Among all the counties in the United States at the turn of the millennium, Maricopa was the star attraction.
Maricopa County added more people than any other U.S. county between April 1, 2000, and July 1, 2001, according to U.S. Census estimates released today.
Already the fourth-largest county in the country after the 2000 census, Maricopa County gained 122,649 people in the 15 months, the report said.
Only Los Angeles County came anywhere close, with about 118,000 new residents.
Maricopa County, with a 4 percent growth rate, did not make the list of the top 100 counties in terms of growth percentage. Those that did make the list are far smaller than Maricopa; only two had as many as 1 million people.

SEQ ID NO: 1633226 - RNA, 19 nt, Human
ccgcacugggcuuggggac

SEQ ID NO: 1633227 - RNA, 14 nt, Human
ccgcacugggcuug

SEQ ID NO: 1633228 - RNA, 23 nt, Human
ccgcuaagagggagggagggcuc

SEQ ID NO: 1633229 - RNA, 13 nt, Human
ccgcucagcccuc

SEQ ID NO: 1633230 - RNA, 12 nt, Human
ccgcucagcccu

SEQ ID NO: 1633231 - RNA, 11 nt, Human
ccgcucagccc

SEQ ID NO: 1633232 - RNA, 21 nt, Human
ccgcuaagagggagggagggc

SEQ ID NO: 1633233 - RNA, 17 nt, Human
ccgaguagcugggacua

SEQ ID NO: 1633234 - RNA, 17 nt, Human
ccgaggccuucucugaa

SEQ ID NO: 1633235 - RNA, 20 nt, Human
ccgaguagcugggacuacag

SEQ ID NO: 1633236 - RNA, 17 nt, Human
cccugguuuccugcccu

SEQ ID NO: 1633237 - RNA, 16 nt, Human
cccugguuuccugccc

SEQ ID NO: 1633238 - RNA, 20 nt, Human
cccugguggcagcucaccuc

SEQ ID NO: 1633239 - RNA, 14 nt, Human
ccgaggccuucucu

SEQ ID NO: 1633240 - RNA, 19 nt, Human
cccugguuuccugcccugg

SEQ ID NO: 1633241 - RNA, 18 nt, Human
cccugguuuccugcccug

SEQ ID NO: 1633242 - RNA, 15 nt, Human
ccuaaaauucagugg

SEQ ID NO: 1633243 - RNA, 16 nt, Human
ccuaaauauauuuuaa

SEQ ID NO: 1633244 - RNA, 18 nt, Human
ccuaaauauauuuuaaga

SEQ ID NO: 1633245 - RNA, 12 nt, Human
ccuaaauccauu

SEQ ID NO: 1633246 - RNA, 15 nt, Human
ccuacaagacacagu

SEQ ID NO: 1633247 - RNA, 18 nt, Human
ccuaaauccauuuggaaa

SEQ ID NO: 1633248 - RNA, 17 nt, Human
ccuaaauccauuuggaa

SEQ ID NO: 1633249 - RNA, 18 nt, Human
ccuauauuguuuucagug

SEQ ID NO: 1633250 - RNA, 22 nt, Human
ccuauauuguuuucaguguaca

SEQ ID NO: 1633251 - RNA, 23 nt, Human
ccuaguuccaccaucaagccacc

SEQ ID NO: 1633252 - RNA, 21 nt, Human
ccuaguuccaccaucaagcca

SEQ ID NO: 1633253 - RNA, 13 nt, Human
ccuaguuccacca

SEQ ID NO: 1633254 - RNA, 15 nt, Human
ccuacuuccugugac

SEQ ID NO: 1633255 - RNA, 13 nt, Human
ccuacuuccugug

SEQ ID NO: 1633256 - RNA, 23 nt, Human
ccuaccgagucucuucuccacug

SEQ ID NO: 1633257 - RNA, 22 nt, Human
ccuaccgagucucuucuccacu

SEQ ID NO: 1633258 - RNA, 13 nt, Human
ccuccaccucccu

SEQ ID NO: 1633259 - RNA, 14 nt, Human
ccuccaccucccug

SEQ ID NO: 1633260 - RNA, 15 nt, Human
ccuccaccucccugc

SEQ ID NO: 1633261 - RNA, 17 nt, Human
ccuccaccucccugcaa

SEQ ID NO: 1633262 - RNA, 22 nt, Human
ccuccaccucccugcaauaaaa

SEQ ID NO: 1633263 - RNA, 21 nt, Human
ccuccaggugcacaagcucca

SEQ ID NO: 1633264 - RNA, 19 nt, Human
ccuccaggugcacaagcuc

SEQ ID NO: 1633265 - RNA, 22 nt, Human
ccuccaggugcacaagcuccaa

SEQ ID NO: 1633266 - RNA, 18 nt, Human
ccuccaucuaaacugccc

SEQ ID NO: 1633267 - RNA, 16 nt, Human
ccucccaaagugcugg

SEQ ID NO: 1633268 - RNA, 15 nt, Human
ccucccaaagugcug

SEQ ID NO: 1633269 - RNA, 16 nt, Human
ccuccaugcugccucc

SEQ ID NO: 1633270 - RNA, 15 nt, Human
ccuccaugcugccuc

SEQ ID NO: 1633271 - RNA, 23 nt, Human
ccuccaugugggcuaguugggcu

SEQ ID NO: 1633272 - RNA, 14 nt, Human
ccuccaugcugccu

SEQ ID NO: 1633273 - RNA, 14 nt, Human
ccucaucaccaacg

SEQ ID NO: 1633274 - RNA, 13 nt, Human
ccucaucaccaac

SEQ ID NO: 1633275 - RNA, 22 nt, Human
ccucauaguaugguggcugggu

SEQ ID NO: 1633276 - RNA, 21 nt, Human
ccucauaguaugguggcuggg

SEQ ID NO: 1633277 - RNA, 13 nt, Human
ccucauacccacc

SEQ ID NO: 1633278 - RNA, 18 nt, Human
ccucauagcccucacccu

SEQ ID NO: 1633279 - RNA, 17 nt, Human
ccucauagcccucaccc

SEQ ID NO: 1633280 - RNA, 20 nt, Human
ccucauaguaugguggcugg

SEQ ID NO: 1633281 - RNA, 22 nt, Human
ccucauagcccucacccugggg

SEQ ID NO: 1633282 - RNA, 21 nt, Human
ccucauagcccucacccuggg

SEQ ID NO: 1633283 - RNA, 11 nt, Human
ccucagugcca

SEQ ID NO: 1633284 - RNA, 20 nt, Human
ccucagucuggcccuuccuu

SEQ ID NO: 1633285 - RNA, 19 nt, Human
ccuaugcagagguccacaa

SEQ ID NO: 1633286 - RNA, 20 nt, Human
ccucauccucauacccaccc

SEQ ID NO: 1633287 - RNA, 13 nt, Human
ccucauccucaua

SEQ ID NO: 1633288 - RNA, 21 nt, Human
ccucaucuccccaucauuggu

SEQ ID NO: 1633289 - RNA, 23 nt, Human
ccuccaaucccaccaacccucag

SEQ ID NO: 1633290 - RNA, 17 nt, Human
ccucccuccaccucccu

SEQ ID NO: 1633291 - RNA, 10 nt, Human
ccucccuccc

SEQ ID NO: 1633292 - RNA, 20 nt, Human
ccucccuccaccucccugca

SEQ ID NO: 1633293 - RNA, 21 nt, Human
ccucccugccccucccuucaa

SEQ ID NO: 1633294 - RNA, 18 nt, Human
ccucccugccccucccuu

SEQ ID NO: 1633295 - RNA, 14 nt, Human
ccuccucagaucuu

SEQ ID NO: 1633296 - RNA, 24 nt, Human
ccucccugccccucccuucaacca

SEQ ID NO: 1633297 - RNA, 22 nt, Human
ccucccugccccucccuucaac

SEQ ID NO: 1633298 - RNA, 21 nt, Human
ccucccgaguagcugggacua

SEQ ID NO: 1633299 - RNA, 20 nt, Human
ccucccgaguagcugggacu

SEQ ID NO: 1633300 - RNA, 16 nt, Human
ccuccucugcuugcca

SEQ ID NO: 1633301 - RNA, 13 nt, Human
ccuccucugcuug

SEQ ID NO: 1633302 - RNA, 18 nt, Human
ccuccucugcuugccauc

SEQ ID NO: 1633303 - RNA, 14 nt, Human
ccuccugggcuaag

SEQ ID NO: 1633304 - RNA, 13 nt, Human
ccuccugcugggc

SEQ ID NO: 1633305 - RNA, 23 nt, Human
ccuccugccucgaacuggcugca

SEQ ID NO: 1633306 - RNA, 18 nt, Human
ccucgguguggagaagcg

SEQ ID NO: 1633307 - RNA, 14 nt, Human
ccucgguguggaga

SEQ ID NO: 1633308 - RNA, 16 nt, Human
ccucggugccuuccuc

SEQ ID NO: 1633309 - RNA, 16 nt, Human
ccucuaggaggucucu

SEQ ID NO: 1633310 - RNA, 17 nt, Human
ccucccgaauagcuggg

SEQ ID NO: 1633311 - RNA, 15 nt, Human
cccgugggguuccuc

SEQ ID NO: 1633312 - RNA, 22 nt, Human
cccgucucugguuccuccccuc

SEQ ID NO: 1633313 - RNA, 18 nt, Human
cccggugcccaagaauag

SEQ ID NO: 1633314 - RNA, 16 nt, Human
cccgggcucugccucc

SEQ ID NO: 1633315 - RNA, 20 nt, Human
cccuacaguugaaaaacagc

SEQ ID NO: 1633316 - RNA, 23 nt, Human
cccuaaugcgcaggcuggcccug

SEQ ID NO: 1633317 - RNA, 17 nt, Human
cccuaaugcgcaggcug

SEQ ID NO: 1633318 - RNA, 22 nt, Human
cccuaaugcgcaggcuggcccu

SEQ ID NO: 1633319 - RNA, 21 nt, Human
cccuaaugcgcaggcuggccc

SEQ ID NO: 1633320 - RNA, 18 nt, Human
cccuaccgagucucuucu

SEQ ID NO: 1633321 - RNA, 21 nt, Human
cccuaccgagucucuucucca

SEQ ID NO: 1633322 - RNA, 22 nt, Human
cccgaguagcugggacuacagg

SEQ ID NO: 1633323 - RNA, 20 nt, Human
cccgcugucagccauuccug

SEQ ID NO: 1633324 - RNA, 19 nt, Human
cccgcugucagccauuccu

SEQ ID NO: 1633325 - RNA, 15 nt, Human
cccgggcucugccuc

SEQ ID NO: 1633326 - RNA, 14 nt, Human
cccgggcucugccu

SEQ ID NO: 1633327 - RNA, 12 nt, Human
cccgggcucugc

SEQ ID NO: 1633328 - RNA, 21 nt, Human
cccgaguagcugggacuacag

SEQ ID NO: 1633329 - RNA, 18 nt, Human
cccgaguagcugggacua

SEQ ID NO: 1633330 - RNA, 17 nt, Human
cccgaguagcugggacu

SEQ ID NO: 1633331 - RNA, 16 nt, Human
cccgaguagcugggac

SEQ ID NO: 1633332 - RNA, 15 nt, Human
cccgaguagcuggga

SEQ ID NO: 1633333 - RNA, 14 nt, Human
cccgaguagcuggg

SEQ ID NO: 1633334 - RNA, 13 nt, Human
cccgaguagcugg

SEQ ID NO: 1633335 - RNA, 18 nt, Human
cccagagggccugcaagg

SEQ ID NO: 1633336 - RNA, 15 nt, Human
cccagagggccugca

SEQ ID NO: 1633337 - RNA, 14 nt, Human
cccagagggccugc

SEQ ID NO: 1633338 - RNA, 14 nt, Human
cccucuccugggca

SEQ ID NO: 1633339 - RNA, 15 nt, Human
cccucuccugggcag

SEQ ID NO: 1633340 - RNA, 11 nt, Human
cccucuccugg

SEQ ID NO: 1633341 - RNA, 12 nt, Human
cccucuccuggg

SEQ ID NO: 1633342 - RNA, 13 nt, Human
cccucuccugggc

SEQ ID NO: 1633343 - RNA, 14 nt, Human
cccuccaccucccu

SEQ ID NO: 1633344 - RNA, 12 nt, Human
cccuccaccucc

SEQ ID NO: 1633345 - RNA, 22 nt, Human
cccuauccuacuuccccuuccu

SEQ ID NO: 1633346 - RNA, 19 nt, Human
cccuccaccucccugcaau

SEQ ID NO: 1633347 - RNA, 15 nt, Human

On the other hand, Maricopa County surpassed 3 million in the 2000 census. With its new residents, the county’s population was estimated at 3,194,798 on July 1, 2001.
Harry Wolfe, senior project manager for the Maricopa Association of Governments, said the federal numbers closely mirror what MAG has been tracking. MAG estimates the county grew by an additional 100,000 people between July 2001 and July 2002, meaning the county is growing by a million people a decade.
"We keep waiting for it to sort of die down," Wolfe said, "but there’s still a lot of building and a lot of people moving here."
Not all the growth was due to people moving in, however.
An estimated 66,298 babies were born in Maricopa County during those 15 months, and 28,515 people died. So the natural population growth was nearly 38,000.
Migration added an additional 84,000-plus, the report said.
Pinal County gained 9,199 people in the new estimate.